Being a historian of science by education, it amazes me to find most of my contemporaries in the venture business so at ease with detecting with an abundance of certainty “next big things”. How they manage to identify “tech revolutions” within their immediate vicinity or forecast the lives of the generation to come remains a mystery to me. I wish to confess this apparent gap of intelligence because at least in former times, when steam engines and mechanical engineering (1st industrial revolution), electricity, telephony and division of labour (2nd industrial revolution), “bureau machines” and automation (3rd industrial revolution) were invented and developed, at their time neither the inventors nor their “followers” actually realized what impact their inventions would have on the generations to come. Labelling them as “revolutions” happened later, much later.
Today, virtually everybody is certain that we are living through the 4th industrial revolution, the age of the “industrial Internet of things (IIOT)”. This revolution, I am told, will culminate in factories run autonomously by “cyber-physical systems”, and driven by “artificial intelligence”. I find this certainty weird because artificial intelligence was already a big topic beyond science fiction when I was a child. I remember driving in the back seat of my parents’ car into the summer holidays and dreaming of the hotel where I would tell the robot receptionist my favourite books films and dishes that would be printed, presented, served and brought to me on the spot. My parents, older brother and older sister found me funny if not silly and gleefully switched the topic to nasty spiders and cockroaches which unfortunately put an end to my dreams and the ensuing discussions very quickly. In the following year, I dreamt of being no longer the guest, but the host of this scenario, the owner of the hotel. This was in the early 1970s!
As for IoT, most experts today claim its essence was the autonomous self-management of connected processes and intelligent devices as opposed to the inflexible, hierarchical attempts at computer-integrated manufacturing (CIM) in the last quarter of the last century.
I believe in the benefits of this present development. But it is one thing to be aware of the advancement of flexibility through self-management and quite another to believe in the local autonomy of self-managed devices such as sensors and actuators. In my view this is techno-hubris similar in nature to the naïve original belief, the internet would democratize the analogue world and create a better world in which the hitherto unbalanced supply-demand seesaw would be tipped towards the demand side.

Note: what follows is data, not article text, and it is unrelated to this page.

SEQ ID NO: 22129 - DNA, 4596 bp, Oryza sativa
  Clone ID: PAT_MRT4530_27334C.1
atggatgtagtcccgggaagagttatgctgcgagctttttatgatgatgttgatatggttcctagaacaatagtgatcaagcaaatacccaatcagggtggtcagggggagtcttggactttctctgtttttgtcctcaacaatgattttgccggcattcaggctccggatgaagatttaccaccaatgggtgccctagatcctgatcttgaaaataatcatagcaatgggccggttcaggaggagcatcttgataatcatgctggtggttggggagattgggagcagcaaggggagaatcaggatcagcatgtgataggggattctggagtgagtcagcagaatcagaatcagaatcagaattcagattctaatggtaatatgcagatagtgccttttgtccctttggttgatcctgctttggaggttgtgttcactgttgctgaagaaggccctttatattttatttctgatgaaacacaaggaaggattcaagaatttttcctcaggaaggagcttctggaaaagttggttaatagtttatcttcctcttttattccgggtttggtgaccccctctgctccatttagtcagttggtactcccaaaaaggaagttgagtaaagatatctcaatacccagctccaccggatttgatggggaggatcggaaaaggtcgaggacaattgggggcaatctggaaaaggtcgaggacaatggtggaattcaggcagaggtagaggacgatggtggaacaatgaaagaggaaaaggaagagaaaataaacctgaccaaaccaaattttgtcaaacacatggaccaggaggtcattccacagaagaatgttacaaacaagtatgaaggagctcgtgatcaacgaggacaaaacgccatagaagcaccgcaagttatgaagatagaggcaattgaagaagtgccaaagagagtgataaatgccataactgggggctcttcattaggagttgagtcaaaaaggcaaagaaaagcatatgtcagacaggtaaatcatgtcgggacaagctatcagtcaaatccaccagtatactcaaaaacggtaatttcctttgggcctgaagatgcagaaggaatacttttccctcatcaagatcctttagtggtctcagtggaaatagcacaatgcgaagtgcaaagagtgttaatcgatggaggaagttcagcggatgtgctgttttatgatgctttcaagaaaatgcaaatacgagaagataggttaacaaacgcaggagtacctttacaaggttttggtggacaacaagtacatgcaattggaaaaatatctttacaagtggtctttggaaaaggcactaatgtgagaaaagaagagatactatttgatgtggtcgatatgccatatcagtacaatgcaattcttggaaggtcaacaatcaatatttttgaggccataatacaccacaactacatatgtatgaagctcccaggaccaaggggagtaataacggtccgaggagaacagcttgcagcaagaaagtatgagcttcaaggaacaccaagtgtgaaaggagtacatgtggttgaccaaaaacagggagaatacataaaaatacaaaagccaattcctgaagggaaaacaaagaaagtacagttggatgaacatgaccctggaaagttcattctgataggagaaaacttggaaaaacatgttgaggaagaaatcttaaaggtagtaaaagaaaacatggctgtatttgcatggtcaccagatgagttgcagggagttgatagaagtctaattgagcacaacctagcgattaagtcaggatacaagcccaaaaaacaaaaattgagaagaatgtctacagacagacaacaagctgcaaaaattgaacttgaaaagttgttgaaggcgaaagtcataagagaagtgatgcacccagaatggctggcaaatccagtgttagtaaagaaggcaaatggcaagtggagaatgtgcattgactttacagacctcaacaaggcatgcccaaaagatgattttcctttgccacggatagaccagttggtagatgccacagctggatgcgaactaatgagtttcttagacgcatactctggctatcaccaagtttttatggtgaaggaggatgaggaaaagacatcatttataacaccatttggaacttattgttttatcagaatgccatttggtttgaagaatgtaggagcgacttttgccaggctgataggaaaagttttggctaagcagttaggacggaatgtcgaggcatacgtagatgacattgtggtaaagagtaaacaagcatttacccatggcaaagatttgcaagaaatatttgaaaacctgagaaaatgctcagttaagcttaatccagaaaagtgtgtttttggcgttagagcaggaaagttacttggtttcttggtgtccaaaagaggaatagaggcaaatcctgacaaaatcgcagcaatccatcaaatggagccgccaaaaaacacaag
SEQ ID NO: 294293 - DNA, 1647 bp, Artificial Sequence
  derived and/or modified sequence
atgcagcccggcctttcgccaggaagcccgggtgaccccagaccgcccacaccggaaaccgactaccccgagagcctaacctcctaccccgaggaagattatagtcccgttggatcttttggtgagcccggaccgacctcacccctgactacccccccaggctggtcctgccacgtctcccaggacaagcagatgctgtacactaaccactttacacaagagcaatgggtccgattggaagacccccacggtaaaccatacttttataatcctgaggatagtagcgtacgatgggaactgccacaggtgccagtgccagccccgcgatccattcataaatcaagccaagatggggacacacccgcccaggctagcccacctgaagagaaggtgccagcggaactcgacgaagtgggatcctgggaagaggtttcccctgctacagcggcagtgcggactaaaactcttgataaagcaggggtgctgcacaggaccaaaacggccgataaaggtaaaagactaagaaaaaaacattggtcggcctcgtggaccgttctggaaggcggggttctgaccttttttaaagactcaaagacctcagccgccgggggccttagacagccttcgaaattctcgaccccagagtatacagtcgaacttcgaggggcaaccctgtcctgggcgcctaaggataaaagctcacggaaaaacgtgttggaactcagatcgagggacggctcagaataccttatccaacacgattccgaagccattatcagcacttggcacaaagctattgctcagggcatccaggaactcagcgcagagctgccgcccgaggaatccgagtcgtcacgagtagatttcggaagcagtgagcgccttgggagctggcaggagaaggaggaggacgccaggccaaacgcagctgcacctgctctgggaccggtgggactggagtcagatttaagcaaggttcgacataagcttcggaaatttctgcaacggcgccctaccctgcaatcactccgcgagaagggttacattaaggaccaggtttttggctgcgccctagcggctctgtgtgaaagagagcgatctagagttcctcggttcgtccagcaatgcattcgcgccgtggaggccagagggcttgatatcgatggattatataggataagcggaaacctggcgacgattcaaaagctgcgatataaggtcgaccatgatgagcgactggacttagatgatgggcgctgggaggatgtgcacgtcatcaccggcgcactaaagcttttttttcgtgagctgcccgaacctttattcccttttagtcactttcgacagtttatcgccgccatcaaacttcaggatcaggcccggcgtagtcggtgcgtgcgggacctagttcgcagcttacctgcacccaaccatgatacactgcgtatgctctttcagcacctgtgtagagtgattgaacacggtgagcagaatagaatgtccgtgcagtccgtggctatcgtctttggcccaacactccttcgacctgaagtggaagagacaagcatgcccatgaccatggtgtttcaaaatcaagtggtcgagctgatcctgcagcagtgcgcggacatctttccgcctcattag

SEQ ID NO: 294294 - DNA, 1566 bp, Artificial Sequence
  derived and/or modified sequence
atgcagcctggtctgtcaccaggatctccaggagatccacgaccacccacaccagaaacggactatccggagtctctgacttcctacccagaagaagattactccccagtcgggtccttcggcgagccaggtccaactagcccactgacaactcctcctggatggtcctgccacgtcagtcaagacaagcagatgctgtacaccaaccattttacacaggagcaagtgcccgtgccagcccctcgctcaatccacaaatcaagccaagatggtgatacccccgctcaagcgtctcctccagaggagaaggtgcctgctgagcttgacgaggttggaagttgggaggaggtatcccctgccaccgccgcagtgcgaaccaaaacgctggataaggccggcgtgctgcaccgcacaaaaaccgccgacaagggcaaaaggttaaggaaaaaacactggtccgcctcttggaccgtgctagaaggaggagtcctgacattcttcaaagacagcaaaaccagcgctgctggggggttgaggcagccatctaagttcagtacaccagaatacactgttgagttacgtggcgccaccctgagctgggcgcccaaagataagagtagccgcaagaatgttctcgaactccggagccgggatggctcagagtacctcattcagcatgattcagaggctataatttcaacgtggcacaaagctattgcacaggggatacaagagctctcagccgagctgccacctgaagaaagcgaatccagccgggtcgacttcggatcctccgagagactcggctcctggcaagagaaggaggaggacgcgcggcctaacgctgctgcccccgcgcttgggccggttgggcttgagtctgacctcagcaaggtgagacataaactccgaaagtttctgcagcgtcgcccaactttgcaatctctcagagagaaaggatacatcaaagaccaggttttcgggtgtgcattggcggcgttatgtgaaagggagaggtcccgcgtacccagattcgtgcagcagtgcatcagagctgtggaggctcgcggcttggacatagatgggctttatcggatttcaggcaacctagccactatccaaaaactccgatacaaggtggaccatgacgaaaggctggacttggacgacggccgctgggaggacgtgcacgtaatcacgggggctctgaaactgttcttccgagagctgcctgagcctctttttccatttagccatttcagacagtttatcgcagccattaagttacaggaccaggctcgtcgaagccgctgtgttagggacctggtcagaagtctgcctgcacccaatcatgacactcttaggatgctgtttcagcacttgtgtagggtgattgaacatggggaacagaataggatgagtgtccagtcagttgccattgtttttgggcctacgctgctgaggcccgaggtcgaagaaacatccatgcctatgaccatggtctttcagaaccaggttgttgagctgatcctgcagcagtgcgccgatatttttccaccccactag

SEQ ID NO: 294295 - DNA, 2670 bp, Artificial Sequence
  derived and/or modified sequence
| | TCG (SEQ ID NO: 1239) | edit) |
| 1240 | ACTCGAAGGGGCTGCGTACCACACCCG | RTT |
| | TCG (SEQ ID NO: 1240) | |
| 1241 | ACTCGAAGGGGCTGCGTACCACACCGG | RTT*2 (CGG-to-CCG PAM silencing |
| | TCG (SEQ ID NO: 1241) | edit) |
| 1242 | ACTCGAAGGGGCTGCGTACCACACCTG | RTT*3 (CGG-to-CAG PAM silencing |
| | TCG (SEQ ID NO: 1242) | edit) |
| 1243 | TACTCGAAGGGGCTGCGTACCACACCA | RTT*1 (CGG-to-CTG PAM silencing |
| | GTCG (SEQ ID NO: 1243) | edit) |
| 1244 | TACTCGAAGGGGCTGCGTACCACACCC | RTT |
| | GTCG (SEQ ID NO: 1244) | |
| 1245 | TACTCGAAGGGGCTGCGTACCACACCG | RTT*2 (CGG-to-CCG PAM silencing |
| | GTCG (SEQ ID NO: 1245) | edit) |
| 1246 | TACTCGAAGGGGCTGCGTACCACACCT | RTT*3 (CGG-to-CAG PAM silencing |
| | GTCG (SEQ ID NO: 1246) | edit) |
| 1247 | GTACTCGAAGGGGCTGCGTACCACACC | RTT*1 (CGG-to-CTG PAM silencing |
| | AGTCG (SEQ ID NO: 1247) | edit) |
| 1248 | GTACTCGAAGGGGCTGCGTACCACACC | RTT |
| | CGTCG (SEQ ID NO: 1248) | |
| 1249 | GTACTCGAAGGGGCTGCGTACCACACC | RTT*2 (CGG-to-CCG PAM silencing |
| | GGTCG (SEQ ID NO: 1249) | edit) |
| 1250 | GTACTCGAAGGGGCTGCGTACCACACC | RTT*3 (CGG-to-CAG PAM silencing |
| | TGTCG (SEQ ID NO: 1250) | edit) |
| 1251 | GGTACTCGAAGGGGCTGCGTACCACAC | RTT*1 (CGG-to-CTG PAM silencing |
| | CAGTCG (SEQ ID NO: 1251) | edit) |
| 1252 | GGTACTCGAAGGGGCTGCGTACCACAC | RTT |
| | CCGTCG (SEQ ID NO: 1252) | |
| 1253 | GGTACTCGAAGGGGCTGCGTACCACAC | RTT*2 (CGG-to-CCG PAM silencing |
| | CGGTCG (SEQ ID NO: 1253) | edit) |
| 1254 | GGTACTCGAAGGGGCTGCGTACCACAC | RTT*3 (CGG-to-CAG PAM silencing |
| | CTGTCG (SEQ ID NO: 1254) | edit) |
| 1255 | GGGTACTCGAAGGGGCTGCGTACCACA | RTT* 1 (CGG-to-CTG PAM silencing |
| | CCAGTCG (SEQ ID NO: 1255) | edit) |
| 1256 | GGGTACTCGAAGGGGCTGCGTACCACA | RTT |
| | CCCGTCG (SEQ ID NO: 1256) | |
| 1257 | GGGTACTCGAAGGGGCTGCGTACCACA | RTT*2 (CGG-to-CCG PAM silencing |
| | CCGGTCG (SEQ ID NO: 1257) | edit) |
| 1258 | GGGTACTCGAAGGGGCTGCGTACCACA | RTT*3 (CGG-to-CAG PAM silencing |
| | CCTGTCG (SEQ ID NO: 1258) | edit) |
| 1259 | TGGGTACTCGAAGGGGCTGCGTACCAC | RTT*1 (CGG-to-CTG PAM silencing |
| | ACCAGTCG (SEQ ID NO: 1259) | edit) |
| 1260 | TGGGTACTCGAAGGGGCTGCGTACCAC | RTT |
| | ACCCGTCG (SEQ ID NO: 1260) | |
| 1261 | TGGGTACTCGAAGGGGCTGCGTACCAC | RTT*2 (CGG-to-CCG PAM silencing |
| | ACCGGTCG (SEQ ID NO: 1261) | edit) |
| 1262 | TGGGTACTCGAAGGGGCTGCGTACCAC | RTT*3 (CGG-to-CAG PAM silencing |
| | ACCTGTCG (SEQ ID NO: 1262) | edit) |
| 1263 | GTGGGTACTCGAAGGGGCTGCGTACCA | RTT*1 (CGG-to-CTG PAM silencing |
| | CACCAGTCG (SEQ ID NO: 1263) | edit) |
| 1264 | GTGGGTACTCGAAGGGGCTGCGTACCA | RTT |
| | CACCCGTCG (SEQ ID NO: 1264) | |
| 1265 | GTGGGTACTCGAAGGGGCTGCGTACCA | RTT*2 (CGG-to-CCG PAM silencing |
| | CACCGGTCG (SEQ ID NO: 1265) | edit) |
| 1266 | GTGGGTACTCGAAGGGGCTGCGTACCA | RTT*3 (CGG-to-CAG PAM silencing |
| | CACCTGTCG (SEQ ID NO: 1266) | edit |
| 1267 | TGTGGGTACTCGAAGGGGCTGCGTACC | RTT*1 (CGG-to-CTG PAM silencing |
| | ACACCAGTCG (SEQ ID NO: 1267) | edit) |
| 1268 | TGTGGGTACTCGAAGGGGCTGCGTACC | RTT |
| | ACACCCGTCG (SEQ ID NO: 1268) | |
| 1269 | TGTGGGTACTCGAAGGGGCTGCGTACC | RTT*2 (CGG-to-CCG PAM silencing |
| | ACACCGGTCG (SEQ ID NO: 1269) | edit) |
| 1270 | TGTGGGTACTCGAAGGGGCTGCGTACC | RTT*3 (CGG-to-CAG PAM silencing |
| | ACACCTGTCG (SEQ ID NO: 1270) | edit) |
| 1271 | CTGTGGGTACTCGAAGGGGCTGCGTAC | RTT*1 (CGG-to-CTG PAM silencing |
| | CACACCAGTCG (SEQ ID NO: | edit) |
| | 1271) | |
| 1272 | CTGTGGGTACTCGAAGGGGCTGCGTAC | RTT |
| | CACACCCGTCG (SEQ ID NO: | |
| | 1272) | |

Sure, as a consequence of online communication, social media and e-commerce platforms consumers gained some leverage. But power shopping, transparent markets and transparent prices cannot outdo the power concentration of means, technology and data on the supply side. Uber, Facebook and airbnb do not give a damn about “caring” as long as they can cash on “sharing”. Consumers might now be able to pick the best offer. But they can only pick the best of the offers presented to them…
Similarly, GAFA won’t allow for the development of any technology serving autonomous self-management unless it’s their technology. They will only allow for self-management governed by GAFA-normed technology.
European and particularly German industry norms had institutionalised some sort of democracy among industrial players for quite some time. This time is over because it can’t last in a global economy dominated by a handful of players.
This might be sad. But for historians of science, the fact that an oligopoly will govern tech advancement by no means constitutes a revolution. It is the norm. In fact, to some extent and within certain branches, first in telecommunication, then in pharmacology the global patent regime actually safeguarded the development of monopolies as an avenue to allow for tech advancement in the first place.
So, time will tell whether IIoT constitutes a revolution or an evolution. If it turns out to be a revolution one can be almost certain its protagonists will reside in America and China. If it turns out to be just an evolution, and CPS is just a kind of second chapter to the first chapter of CIM, then it might as well be headquartered in Europe. In that case, however, its impact will be much, much smaller than everybody is ready to believe today.